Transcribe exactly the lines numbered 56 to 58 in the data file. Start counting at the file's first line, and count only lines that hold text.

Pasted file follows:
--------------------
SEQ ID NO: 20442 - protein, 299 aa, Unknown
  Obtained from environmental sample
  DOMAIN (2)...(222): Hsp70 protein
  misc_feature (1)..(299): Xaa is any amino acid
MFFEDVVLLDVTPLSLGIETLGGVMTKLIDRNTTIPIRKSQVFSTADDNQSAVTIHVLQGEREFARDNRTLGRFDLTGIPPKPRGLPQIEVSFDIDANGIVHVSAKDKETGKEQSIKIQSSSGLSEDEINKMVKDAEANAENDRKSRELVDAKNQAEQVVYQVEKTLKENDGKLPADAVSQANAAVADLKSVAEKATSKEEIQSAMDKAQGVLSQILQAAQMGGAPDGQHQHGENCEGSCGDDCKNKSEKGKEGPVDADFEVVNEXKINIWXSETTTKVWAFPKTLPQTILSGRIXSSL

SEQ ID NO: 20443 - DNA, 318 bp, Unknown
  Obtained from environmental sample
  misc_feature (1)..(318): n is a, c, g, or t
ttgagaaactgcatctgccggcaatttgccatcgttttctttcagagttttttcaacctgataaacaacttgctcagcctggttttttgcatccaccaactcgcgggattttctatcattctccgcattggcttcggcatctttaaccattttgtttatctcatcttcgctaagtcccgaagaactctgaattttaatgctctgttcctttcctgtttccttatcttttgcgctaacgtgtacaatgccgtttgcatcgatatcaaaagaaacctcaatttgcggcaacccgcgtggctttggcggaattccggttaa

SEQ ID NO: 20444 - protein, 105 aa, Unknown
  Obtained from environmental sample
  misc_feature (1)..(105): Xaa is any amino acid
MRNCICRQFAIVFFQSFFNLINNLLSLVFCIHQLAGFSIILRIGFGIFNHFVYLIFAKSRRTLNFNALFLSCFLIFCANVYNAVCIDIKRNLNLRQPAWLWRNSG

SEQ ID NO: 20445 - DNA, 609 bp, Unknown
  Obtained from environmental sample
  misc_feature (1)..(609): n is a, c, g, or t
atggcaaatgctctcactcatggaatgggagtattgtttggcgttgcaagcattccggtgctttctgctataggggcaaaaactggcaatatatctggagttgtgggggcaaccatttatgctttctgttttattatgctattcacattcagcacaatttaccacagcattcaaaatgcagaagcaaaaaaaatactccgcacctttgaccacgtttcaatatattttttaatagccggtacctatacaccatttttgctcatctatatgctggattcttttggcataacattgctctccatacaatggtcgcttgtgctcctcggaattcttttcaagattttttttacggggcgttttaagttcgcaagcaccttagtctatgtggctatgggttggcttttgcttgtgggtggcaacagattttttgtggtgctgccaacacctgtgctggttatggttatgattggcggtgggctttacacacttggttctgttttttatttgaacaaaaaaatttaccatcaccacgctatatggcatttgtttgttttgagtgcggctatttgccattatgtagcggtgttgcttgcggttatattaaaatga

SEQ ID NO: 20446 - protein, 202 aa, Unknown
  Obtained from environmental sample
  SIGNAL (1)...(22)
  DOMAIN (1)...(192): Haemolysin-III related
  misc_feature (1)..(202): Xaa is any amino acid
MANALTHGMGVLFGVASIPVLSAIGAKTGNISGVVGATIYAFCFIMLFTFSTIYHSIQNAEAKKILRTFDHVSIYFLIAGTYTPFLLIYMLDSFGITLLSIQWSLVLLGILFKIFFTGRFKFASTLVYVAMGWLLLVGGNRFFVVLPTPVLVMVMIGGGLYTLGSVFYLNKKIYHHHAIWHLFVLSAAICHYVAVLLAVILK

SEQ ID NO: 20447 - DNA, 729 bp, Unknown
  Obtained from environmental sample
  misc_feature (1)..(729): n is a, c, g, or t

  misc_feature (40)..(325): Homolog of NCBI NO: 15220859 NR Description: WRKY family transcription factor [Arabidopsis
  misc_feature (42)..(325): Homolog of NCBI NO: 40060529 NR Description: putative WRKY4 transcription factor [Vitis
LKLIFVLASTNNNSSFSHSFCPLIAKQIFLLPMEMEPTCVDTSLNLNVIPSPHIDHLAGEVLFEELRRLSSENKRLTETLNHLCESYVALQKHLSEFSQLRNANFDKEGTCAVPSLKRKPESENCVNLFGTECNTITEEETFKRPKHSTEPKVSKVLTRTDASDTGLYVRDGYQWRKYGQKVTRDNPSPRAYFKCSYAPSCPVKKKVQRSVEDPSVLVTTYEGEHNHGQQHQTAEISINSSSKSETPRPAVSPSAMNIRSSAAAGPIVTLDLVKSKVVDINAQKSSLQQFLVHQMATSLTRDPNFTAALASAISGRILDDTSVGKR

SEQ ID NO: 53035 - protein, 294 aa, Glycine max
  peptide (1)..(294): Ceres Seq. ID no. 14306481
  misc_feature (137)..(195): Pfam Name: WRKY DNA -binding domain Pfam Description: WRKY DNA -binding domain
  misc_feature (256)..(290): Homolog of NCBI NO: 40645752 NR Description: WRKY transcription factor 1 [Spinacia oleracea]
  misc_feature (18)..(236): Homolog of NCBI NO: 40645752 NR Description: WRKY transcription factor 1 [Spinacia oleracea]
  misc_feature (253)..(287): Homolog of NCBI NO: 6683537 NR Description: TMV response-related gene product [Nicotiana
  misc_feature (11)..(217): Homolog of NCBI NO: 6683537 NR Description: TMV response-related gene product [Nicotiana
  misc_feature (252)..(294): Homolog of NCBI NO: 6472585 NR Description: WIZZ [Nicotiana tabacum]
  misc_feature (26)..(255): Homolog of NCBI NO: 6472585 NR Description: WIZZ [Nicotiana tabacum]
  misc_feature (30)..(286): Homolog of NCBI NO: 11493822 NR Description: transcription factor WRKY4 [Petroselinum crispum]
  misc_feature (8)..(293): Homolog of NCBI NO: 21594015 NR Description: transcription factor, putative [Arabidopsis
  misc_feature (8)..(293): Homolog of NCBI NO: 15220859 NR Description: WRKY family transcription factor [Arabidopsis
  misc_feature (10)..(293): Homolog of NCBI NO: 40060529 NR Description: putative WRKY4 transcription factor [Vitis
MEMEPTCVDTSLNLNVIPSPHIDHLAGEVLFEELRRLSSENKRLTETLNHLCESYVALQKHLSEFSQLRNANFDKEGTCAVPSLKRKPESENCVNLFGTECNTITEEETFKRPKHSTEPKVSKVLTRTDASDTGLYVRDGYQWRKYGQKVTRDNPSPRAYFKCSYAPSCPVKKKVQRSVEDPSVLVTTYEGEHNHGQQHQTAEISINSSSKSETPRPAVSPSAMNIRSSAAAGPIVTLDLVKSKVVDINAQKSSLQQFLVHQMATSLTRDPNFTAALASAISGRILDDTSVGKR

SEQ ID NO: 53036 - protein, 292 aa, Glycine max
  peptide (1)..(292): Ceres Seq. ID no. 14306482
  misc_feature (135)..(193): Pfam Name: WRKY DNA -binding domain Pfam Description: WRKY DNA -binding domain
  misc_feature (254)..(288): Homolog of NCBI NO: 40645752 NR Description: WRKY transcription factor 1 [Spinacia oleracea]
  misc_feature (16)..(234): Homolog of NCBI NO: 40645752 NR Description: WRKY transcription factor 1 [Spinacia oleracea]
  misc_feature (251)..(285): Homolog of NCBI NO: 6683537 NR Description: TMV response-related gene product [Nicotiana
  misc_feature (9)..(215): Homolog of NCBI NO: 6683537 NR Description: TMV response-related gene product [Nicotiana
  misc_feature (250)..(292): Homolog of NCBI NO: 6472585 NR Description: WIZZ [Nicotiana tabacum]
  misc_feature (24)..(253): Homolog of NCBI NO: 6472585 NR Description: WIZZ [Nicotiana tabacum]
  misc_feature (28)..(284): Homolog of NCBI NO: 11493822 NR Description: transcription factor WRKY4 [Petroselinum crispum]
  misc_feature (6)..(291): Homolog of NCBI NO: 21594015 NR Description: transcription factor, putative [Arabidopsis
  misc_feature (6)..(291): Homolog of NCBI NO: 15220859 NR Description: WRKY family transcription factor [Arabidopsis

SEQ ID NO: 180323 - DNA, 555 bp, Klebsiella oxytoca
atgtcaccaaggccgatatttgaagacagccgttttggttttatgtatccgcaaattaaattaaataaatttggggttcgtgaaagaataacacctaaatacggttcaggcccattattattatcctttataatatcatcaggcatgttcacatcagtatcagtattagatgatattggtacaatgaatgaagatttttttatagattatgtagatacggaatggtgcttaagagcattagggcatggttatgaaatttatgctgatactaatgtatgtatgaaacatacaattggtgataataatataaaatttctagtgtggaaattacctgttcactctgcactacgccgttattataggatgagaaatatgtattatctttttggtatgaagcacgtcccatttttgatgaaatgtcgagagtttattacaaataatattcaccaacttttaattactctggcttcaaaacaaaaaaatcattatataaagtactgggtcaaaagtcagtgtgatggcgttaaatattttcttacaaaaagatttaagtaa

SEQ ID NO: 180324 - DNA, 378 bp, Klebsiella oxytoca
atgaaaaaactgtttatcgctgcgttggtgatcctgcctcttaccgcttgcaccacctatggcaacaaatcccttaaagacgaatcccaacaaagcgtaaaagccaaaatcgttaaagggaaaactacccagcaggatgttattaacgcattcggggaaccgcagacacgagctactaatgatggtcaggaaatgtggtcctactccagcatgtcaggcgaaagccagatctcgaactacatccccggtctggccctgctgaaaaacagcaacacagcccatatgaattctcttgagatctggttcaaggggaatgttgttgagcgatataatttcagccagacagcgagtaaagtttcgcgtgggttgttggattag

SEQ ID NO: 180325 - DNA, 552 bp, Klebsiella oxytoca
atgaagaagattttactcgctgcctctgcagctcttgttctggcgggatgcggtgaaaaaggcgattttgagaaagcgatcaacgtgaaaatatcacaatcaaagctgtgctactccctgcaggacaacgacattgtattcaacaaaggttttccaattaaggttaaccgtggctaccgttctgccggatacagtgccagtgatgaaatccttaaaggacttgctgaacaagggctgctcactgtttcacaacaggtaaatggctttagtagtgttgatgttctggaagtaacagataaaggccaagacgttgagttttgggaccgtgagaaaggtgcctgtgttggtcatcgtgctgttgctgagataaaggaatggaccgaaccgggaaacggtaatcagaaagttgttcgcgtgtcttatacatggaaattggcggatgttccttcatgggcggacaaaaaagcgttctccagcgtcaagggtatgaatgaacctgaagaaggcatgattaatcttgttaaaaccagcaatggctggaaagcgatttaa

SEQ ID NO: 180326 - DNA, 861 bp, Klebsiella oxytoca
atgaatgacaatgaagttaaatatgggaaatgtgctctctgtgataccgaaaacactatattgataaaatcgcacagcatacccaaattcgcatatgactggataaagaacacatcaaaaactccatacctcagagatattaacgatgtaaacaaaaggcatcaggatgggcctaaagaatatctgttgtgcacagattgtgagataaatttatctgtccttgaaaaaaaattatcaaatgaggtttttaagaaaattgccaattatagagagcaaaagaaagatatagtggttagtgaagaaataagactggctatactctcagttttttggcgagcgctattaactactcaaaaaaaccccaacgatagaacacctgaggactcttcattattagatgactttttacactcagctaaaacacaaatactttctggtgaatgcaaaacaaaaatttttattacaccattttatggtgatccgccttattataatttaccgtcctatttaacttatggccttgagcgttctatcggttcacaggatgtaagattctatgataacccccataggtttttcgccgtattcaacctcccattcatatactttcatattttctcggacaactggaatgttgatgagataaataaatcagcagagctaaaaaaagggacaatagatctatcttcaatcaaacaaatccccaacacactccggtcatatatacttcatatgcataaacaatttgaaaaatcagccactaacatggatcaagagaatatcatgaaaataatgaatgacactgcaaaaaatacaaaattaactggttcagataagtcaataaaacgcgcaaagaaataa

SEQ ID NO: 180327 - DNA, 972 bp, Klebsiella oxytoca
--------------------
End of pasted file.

SEQ ID NO: 180323 - DNA, 555 bp, Klebsiella oxytoca
atgtcaccaaggccgatatttgaagacagccgttttggttttatgtatccgcaaattaaattaaataaatttggggttcgtgaaagaataacacctaaatacggttcaggcccattattattatcctttataatatcatcaggcatgttcacatcagtatcagtattagatgatattggtacaatgaatgaagatttttttatagattatgtagatacggaatggtgcttaagagcattagggcatggttatgaaatttatgctgatactaatgtatgtatgaaacatacaattggtgataataatataaaatttctagtgtggaaattacctgttcactctgcactacgccgttattataggatgagaaatatgtattatctttttggtatgaagcacgtcccatttttgatgaaatgtcgagagtttattacaaataatattcaccaacttttaattactctggcttcaaaacaaaaaaatcattatataaagtactgggtcaaaagtcagtgtgatggcgttaaatattttcttacaaaaagatttaagtaa

SEQ ID NO: 180324 - DNA, 378 bp, Klebsiella oxytoca